By Brian Howey
INDIANAPOLIS - U.S. Sen. Dick Lugar – vanquished by age, longevity, barrel bottom congressional approval ratings and an aggressive opponent in Treasurer Richard Mourdock – seemed to be bridging a divided party when he took the stage shortly after 8 on Tuesday night as the magnitude of the 61-39% landslide against him registered.
“Hoosier Republican primary voters have chosen their candidate for the U.S. Senate,” said Lugar. “I congratulate my opponent on his victory in a hard fought race. I want to see a Republican in the White House, and I want to see my friend Mitch McConnell have a Republican majority in the Senate. I hope my opponent prevails in November to contribute to a Republican majority.”
Minutes later came a second written statement that sent the political world from Indianapolis to Washington abuzz. It was a reaction to the $4 million in outside money spent against him, and Mourdock’s all-out assault on “bipartisanship” that pre-staged the upset of the most prolific vote getter in Indiana Republican history.
“If Mr. Mourdock is elected, I want him to be a good senator,” Lugar said. “But that will require him to revise his stated goal of bringing more partisanship to Washington. His embrace of an unrelenting partisan mindset is irreconcilable with my philosophy of governance and my experience of what brings results for Hoosiers in the Senate. This is not conducive to problem-solving and governance. And he will find that unless he modifies his approach, he will achieve little as a legislator. Worse, he will help delay solutions that are totally beyond the capacity of partisan majorities to achieve.”
At a unity press conference early Wednesday morning, I asked Gov. Mitch Daniels about the second Lugar statement, which could be a precursor to a Republican civil war. Daniels responded with a story: A temperance woman was told that Jesus had made water into wine. She responded, “I wish he hadn’t done that.”
A few minutes earlier, Daniels made the case that Mourdock is stitch and cloth out of the Hoosier GOP quilt. “He comes right out of the heart and mainstream of our party,” Daniels said, noting Mourdock has won three elections in the last five years.
Is Richard Mourdock an “extremist”? Is the Indiana GOP the proverbial “house divided”?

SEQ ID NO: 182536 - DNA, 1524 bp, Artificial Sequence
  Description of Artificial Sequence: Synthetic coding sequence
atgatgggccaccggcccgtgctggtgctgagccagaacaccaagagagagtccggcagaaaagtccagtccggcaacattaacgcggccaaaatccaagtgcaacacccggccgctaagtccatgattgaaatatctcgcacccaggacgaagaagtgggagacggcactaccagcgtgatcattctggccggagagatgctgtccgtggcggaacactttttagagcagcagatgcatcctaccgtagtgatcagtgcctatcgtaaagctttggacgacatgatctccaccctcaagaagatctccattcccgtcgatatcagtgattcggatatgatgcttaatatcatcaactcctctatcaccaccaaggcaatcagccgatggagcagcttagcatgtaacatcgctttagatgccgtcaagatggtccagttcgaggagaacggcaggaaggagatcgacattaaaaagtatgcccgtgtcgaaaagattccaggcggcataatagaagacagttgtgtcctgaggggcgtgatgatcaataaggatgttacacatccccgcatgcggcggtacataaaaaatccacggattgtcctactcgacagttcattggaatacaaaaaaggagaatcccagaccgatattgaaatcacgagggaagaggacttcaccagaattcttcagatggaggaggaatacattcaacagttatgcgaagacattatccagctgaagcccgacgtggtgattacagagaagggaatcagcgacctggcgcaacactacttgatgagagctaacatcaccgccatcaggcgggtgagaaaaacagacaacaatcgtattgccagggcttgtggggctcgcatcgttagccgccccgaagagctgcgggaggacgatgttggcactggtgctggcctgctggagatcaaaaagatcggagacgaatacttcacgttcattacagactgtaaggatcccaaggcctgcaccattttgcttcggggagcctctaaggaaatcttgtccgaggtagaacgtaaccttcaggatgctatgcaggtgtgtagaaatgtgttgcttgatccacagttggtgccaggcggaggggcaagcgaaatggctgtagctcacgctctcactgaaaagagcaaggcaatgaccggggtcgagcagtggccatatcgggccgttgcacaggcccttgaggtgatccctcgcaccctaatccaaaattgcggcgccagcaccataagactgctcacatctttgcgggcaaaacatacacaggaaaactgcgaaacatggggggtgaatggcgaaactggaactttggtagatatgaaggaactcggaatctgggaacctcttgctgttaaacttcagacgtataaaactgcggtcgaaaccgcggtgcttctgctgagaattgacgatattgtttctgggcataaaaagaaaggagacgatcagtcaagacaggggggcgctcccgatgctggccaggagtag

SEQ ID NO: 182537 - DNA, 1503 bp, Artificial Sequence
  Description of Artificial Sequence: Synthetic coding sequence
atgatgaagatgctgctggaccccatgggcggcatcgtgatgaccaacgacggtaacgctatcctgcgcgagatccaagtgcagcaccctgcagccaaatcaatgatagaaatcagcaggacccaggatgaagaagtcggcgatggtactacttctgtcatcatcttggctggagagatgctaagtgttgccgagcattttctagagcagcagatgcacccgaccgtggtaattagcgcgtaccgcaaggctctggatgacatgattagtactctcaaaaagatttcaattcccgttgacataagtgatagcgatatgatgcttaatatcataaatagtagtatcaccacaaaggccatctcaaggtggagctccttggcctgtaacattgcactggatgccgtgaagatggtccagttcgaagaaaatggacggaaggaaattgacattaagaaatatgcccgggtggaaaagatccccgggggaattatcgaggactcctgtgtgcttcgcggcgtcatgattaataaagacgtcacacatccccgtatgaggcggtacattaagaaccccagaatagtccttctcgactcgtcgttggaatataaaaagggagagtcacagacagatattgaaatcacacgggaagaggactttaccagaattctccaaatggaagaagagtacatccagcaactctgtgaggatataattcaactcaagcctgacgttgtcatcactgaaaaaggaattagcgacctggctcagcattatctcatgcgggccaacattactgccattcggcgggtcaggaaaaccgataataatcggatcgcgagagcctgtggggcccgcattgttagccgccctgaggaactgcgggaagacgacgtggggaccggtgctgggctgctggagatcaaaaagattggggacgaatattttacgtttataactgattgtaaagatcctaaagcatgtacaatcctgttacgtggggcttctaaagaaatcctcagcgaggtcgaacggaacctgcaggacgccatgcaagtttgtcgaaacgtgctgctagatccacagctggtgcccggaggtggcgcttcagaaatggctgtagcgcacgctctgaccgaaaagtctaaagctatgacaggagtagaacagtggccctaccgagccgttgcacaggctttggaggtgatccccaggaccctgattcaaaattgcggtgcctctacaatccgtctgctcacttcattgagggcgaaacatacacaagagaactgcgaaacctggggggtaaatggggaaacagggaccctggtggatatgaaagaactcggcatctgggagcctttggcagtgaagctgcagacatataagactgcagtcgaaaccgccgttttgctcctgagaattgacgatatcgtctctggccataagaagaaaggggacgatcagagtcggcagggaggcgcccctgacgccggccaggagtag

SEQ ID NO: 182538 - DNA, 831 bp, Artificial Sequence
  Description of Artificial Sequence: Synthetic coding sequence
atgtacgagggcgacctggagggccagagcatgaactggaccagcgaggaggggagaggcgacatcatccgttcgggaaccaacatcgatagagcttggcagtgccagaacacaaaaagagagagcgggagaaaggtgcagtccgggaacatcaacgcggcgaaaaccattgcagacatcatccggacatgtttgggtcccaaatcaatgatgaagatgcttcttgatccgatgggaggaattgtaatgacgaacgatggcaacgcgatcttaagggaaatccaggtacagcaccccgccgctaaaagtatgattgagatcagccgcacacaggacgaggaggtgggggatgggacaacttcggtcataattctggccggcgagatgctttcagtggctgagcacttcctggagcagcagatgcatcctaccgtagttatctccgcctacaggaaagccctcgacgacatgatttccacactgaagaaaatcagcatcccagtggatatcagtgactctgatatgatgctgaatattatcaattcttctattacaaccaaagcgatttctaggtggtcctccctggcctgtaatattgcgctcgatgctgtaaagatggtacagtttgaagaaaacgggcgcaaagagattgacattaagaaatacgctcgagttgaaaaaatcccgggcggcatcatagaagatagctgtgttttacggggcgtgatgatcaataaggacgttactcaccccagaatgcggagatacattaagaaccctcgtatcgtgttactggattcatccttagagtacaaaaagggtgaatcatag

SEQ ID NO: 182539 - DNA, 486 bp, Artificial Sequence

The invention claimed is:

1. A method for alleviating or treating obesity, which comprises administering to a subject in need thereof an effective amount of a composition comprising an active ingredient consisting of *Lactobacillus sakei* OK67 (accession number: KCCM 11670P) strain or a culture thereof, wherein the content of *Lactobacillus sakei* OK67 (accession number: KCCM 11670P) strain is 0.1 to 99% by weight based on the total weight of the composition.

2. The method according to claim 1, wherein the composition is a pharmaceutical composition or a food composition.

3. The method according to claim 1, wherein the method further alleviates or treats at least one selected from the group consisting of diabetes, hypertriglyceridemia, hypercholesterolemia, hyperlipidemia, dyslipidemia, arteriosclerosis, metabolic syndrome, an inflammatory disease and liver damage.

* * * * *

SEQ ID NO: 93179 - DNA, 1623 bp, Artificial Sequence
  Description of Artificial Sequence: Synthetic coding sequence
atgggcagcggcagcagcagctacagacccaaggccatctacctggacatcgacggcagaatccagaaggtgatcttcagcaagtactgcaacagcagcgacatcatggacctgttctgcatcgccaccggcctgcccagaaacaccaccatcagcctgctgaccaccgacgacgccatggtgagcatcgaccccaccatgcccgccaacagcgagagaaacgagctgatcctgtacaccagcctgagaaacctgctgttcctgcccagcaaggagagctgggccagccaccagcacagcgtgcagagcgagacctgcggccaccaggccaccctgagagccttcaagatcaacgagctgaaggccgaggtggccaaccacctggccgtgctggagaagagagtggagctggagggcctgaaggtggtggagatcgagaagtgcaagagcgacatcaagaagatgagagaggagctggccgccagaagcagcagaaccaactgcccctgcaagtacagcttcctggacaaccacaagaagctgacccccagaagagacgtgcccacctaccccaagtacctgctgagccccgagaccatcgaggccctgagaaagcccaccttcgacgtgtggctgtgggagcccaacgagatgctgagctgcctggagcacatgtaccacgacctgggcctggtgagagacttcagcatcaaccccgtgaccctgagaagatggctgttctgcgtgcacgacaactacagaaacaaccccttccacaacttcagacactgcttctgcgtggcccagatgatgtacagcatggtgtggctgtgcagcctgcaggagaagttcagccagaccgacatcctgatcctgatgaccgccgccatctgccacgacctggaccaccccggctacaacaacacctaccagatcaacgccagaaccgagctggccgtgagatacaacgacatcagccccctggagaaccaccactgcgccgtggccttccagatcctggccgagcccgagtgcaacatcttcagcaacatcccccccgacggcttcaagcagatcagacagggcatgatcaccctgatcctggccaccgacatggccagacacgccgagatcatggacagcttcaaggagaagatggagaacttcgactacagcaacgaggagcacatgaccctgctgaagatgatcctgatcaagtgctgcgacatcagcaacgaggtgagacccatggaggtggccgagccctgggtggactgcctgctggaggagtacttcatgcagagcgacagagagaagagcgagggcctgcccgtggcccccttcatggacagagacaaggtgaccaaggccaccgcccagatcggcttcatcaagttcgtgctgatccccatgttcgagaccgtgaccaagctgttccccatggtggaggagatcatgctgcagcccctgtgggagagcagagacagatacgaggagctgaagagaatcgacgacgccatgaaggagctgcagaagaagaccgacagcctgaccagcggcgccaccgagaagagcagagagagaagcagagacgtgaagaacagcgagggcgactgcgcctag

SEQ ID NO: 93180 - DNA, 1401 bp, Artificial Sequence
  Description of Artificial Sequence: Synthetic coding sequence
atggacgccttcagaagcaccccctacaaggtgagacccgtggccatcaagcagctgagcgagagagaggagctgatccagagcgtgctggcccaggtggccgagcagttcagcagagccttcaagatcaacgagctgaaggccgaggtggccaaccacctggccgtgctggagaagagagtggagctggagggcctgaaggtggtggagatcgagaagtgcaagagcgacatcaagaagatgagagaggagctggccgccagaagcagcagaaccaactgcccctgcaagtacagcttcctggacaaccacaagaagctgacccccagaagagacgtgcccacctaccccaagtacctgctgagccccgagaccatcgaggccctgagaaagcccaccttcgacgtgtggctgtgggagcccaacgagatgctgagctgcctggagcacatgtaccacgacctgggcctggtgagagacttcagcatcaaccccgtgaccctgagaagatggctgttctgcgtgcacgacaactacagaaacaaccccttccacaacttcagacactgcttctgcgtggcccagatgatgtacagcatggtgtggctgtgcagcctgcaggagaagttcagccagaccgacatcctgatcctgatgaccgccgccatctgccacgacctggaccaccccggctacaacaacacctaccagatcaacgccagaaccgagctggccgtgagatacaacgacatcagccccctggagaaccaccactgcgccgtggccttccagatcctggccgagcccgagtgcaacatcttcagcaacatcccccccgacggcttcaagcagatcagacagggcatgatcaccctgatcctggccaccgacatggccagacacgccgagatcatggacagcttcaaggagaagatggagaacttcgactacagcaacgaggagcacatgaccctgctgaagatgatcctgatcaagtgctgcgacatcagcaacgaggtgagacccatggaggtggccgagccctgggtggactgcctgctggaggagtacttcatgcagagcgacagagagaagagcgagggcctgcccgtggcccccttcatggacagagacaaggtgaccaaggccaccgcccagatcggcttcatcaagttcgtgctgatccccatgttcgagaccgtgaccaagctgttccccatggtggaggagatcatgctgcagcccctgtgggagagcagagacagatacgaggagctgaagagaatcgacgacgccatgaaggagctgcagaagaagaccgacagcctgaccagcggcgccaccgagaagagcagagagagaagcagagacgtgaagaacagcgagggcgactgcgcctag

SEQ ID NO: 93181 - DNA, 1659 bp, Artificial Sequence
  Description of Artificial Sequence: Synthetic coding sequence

A March Howey/DePauw Indiana Battleground poll showed Mourdock and Democrat Joe Donnelly tied at 35 percent, so this will be a competitive race. And our April /May Howey/DePauw survey showed that 57 percent of Lugar supporters have an unfavorable opinion of Mourdock. We also asked Republicans if they wanted a senator who gets things done while working with Democrats, or one who takes ideological stands. The former had 60% support, the latter 33 percent (read top lines from both polls at www.howeypolitics.com).
Indiana Democratic Chairman Dan Parker said of Mourdock, “He believes Social Security and Medicare are unconstitutional,” Parker said. “Is that in the Republican mainstream? He’s against the direct election of U.S. senators in the 17th Amendment. Does Gov. Daniels agree with that position? Will that be in the Republican Party platform?”
I asked Mourdock about bipartisanship Wednesday morning. Is there a time when he believes he can reach out across the aisle to Democrats?
“Sure. There is always a time for compromise on issues, but not on principle,” Mourdock said. “I recognize there are times when our country is incredibly polarized in that political sense. Right now is one of those times. The leadership of the Republican Party and the leadership of the Democratic Party are not going to be able to reach compromise on big issues because they are so far apart in principle. My idea of bipartisanship going forward is to make sure that we have such a Republican majority in the U.S. House and U.S. Senate and in the White House, that if there’s going to be bipartisanship, it’s going to be Democrats coming our way, instead of them trying to pull Republicans their way.”
That feeds into a campaign trail notion that Mourdock’s priority is going to Washington to defeat liberals and Democrats.
An hour after Mourdock made that explanation, U.S. Rep. Joe Donnelly met with reporters at Ralph’s Great Divide restaurant. Donnelly insisted the site was chosen because “they have great meatloaf,” but used the place as a metaphor that the contrast between him and Mourdock “cannot be clearer.”
Donnelly said that Mourdock was going on national TV shows this morning “saying he’s not a Tea Party guy, because he is. He tried to devastate the auto industry and he tried to destroy the lives of thousands of people in Kokomo.” That was in reference to Mourdock’s 2009 lawsuit to try and prevent the Chrysler/Fiat merger.
“He said he’s for bipartisanship as long as Republicans get what they want,” Donnelly said. “That’s like the kid who comes to the park with the ball and bat and says, ‘We have to play by my rules or I’m going home’.”
The reality is a fraction of the 19% of the electorate defeated the most prolific vote-getter in Indiana GOP history. It will be months before we know if it was a master stroke, or the epic fool’s errand as Democrats and independents join the argument for a Senate seat in play.